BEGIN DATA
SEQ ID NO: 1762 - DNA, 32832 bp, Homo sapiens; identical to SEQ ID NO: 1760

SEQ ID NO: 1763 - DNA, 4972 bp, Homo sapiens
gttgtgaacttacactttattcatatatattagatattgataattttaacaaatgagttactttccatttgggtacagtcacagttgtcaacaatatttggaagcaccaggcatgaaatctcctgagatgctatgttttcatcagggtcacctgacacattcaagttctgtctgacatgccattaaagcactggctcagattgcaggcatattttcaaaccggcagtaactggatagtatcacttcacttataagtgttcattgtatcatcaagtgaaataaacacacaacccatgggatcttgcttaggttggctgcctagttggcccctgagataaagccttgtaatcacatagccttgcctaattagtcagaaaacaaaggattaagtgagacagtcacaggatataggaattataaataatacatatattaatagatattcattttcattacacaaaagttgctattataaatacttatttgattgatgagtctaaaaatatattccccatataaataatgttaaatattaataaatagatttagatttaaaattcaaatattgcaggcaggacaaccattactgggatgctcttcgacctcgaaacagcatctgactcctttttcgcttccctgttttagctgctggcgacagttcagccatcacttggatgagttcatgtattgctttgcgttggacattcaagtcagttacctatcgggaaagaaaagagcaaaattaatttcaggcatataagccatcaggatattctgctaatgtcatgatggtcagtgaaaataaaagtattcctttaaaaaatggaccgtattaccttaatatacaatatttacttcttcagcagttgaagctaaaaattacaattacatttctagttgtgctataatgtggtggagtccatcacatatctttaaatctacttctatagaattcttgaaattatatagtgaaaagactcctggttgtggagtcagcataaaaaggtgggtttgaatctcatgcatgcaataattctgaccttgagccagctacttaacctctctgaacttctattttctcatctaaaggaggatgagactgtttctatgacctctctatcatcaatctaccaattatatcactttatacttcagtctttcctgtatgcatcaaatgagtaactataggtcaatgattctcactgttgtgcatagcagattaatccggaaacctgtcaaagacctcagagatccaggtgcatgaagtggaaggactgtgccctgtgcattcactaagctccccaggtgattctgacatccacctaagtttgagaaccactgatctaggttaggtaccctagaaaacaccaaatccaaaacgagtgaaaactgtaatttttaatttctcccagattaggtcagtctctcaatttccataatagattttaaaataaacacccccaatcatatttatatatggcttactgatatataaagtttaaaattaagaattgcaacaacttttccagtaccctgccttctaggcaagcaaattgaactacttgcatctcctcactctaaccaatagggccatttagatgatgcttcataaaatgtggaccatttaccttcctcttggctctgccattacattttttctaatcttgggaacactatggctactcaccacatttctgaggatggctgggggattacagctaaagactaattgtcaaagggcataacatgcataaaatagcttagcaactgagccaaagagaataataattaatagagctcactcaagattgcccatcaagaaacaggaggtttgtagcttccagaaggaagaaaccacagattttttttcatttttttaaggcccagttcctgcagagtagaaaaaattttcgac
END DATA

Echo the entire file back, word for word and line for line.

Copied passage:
SEQ ID NO: 1762 - DNA, 32832 bp, Homo sapiens; identical to SEQ ID NO: 1760

SEQ ID NO: 1763 - DNA, 4972 bp, Homo sapiens
gttgtgaacttacactttattcatatatattagatattgataattttaacaaatgagttactttccatttgggtacagtcacagttgtcaacaatatttggaagcaccaggcatgaaatctcctgagatgctatgttttcatcagggtcacctgacacattcaagttctgtctgacatgccattaaagcactggctcagattgcaggcatattttcaaaccggcagtaactggatagtatcacttcacttataagtgttcattgtatcatcaagtgaaataaacacacaacccatgggatcttgcttaggttggctgcctagttggcccctgagataaagccttgtaatcacatagccttgcctaattagtcagaaaacaaaggattaagtgagacagtcacaggatataggaattataaataatacatatattaatagatattcattttcattacacaaaagttgctattataaatacttatttgattgatgagtctaaaaatatattccccatataaataatgttaaatattaataaatagatttagatttaaaattcaaatattgcaggcaggacaaccattactgggatgctcttcgacctcgaaacagcatctgactcctttttcgcttccctgttttagctgctggcgacagttcagccatcacttggatgagttcatgtattgctttgcgttggacattcaagtcagttacctatcgggaaagaaaagagcaaaattaatttcaggcatataagccatcaggatattctgctaatgtcatgatggtcagtgaaaataaaagtattcctttaaaaaatggaccgtattaccttaatatacaatatttacttcttcagcagttgaagctaaaaattacaattacatttctagttgtgctataatgtggtggagtccatcacatatctttaaatctacttctatagaattcttgaaattatatagtgaaaagactcctggttgtggagtcagcataaaaaggtgggtttgaatctcatgcatgcaataattctgaccttgagccagctacttaacctctctgaacttctattttctcatctaaaggaggatgagactgtttctatgacctctctatcatcaatctaccaattatatcactttatacttcagtctttcctgtatgcatcaaatgagtaactataggtcaatgattctcactgttgtgcatagcagattaatccggaaacctgtcaaagacctcagagatccaggtgcatgaagtggaaggactgtgccctgtgcattcactaagctccccaggtgattctgacatccacctaagtttgagaaccactgatctaggttaggtaccctagaaaacaccaaatccaaaacgagtgaaaactgtaatttttaatttctcccagattaggtcagtctctcaatttccataatagattttaaaataaacacccccaatcatatttatatatggcttactgatatataaagtttaaaattaagaattgcaacaacttttccagtaccctgccttctaggcaagcaaattgaactacttgcatctcctcactctaaccaatagggccatttagatgatgcttcataaaatgtggaccatttaccttcctcttggctctgccattacattttttctaatcttgggaacactatggctactcaccacatttctgaggatggctgggggattacagctaaagactaattgtcaaagggcataacatgcataaaatagcttagcaactgagccaaagagaataataattaatagagctcactcaagattgcccatcaagaaacaggaggtttgtagcttccagaaggaagaaaccacagattttttttcatttttttaaggcccagttcctgcagagtagaaaaaattttcgac